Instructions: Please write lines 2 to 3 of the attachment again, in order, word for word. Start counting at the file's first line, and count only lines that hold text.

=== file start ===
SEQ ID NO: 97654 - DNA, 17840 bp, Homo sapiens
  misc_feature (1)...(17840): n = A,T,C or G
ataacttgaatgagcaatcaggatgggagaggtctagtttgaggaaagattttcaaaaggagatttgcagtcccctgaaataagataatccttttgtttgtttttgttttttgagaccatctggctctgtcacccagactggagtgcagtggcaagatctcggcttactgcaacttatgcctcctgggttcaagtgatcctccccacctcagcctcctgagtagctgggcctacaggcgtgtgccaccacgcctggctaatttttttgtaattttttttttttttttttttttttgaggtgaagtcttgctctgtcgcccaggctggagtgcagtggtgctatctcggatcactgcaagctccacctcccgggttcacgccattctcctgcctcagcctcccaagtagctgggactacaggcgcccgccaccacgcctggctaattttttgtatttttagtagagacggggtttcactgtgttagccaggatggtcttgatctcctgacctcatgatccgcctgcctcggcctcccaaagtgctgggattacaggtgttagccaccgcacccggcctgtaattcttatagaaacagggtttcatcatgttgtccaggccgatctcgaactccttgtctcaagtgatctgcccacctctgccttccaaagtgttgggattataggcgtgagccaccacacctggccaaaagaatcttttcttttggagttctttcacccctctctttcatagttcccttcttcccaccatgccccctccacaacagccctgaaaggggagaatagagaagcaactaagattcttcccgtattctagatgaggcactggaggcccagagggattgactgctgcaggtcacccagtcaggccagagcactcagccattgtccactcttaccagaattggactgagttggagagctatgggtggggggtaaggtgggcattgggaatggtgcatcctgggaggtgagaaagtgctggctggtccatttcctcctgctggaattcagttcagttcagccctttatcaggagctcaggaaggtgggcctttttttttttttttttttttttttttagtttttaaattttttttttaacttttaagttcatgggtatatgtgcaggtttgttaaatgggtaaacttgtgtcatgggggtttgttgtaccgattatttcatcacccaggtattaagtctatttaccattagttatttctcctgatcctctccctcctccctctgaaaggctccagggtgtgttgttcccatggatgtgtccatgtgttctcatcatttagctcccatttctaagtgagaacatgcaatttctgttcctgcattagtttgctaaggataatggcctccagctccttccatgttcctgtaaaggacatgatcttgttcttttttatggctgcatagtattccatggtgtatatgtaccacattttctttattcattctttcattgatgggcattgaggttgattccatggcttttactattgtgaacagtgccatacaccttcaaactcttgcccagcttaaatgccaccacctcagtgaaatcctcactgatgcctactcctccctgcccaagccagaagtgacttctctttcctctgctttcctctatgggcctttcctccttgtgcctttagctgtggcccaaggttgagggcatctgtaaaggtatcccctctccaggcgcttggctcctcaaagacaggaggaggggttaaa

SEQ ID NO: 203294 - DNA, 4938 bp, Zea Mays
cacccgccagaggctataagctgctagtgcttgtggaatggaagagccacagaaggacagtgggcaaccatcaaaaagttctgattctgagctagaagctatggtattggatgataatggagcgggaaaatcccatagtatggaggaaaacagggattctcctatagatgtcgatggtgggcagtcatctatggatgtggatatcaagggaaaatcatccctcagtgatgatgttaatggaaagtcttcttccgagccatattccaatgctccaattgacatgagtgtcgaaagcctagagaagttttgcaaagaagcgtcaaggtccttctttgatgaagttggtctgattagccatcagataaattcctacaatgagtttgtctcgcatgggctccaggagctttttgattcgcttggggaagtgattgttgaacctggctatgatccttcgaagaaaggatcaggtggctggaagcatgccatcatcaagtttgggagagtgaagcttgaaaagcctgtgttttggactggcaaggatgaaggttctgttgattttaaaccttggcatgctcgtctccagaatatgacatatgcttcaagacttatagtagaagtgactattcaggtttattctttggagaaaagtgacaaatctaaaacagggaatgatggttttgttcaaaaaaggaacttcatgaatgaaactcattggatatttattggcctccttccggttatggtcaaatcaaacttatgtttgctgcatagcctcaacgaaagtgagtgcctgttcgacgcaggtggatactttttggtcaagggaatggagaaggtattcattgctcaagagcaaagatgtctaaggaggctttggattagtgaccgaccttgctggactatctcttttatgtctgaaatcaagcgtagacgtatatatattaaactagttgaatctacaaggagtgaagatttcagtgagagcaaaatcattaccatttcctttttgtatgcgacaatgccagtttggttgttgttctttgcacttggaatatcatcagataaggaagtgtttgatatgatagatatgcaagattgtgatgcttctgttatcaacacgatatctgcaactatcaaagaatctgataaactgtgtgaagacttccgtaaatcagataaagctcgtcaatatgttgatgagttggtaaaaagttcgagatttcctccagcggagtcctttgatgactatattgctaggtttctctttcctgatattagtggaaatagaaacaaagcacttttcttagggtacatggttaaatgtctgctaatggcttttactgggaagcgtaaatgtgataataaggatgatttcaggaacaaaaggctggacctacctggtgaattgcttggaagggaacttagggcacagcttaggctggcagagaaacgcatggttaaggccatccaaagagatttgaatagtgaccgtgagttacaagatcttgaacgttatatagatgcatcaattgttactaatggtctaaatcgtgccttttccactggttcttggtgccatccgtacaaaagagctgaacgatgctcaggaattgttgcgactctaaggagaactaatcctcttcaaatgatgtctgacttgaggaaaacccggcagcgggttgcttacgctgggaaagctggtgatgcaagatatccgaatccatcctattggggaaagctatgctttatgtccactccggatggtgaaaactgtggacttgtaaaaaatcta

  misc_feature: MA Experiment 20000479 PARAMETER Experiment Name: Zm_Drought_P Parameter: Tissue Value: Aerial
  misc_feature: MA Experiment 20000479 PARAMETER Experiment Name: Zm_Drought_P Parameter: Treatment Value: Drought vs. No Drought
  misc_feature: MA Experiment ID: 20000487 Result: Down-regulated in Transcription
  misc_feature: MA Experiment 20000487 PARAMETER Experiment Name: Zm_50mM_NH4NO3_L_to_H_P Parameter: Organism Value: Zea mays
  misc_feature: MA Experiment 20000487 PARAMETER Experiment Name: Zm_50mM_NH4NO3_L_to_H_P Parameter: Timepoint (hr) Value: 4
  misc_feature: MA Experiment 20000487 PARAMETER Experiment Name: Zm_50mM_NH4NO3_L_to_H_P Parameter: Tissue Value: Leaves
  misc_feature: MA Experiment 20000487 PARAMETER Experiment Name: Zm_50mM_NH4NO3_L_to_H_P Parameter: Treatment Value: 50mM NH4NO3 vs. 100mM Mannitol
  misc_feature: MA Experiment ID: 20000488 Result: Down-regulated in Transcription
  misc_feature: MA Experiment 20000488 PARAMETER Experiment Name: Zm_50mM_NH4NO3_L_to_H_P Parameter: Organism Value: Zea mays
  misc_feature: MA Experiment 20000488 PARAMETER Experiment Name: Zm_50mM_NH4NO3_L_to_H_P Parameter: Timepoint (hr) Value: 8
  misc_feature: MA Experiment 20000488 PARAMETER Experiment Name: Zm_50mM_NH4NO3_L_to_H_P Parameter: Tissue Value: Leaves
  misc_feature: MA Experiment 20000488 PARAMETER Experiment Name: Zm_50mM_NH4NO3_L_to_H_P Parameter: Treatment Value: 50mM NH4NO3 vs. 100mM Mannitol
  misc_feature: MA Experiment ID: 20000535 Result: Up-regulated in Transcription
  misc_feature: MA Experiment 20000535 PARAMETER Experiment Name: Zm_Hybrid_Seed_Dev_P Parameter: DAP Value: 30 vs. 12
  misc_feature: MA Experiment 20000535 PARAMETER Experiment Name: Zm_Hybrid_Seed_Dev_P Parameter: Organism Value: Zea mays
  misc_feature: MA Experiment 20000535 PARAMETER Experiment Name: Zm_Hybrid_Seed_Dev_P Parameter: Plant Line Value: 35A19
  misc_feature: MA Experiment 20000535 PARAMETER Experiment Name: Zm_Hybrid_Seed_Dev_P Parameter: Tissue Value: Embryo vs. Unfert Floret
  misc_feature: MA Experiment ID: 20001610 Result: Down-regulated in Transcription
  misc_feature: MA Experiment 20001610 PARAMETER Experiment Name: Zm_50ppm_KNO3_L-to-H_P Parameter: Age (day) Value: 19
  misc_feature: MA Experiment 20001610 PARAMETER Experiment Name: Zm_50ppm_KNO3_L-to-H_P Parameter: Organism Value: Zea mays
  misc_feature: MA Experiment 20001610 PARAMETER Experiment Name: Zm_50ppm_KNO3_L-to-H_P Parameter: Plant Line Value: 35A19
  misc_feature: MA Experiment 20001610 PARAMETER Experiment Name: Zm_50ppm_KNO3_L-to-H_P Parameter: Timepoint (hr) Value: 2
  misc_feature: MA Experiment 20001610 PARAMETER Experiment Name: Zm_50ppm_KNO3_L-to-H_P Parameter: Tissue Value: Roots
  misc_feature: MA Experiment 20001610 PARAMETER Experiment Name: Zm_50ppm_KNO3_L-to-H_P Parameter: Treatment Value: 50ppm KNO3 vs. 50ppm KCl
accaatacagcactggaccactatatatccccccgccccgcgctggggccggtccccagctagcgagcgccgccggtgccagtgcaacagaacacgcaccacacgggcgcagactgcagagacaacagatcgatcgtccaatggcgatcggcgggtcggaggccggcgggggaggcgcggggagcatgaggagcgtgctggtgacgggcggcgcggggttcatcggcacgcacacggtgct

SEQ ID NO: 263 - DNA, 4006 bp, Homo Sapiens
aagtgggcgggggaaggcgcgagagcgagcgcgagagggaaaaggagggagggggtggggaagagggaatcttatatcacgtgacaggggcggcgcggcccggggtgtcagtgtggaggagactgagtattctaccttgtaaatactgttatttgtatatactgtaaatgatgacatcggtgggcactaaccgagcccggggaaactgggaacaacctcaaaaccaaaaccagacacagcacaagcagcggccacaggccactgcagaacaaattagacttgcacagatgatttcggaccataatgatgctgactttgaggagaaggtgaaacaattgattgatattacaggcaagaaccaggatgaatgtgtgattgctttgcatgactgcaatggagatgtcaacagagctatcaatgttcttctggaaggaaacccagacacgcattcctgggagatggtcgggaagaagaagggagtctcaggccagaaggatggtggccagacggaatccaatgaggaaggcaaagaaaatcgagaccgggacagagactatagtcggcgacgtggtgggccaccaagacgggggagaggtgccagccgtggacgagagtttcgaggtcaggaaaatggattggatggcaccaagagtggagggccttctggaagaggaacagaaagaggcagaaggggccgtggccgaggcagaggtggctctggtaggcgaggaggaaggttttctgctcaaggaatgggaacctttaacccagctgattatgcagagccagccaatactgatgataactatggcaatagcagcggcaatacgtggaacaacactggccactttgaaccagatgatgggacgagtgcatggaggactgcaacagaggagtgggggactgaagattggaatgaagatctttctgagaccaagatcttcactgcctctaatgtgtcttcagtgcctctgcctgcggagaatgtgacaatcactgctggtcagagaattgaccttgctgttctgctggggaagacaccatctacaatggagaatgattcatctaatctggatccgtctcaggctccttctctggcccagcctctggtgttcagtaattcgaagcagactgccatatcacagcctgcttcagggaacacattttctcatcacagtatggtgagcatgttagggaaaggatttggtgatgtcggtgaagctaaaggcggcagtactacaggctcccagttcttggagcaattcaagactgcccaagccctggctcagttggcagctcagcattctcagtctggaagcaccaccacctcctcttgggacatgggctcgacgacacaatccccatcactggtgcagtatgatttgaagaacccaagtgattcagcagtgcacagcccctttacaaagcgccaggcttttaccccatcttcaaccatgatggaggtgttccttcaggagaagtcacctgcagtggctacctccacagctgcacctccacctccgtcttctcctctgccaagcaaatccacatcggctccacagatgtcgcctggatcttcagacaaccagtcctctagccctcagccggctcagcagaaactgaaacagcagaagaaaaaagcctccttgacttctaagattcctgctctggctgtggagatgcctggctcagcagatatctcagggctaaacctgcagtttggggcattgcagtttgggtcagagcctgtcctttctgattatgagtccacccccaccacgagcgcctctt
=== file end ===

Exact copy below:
  misc_feature (1)...(17840): n = A,T,C or G
ataacttgaatgagcaatcaggatgggagaggtctagtttgaggaaagattttcaaaaggagatttgcagtcccctgaaataagataatccttttgtttgtttttgttttttgagaccatctggctctgtcacccagactggagtgcagtggcaagatctcggcttactgcaacttatgcctcctgggttcaagtgatcctccccacctcagcctcctgagtagctgggcctacaggcgtgtgccaccacgcctggctaatttttttgtaattttttttttttttttttttttttgaggtgaagtcttgctctgtcgcccaggctggagtgcagtggtgctatctcggatcactgcaagctccacctcccgggttcacgccattctcctgcctcagcctcccaagtagctgggactacaggcgcccgccaccacgcctggctaattttttgtatttttagtagagacggggtttcactgtgttagccaggatggtcttgatctcctgacctcatgatccgcctgcctcggcctcccaaagtgctgggattacaggtgttagccaccgcacccggcctgtaattcttatagaaacagggtttcatcatgttgtccaggccgatctcgaactccttgtctcaagtgatctgcccacctctgccttccaaagtgttgggattataggcgtgagccaccacacctggccaaaagaatcttttcttttggagttctttcacccctctctttcatagttcccttcttcccaccatgccccctccacaacagccctgaaaggggagaatagagaagcaactaagattcttcccgtattctagatgaggcactggaggcccagagggattgactgctgcaggtcacccagtcaggccagagcactcagccattgtccactcttaccagaattggactgagttggagagctatgggtggggggtaaggtgggcattgggaatggtgcatcctgggaggtgagaaagtgctggctggtccatttcctcctgctggaattcagttcagttcagccctttatcaggagctcaggaaggtgggcctttttttttttttttttttttttttttagtttttaaattttttttttaacttttaagttcatgggtatatgtgcaggtttgttaaatgggtaaacttgtgtcatgggggtttgttgtaccgattatttcatcacccaggtattaagtctatttaccattagttatttctcctgatcctctccctcctccctctgaaaggctccagggtgtgttgttcccatggatgtgtccatgtgttctcatcatttagctcccatttctaagtgagaacatgcaatttctgttcctgcattagtttgctaaggataatggcctccagctccttccatgttcctgtaaaggacatgatcttgttcttttttatggctgcatagtattccatggtgtatatgtaccacattttctttattcattctttcattgatgggcattgaggttgattccatggcttttactattgtgaacagtgccatacaccttcaaactcttgcccagcttaaatgccaccacctcagtgaaatcctcactgatgcctactcctccctgcccaagccagaagtgacttctctttcctctgctttcctctatgggcctttcctccttgtgcctttagctgtggcccaaggttgagggcatctgtaaaggtatcccctctccaggcgcttggctcctcaaagacaggaggaggggttaaa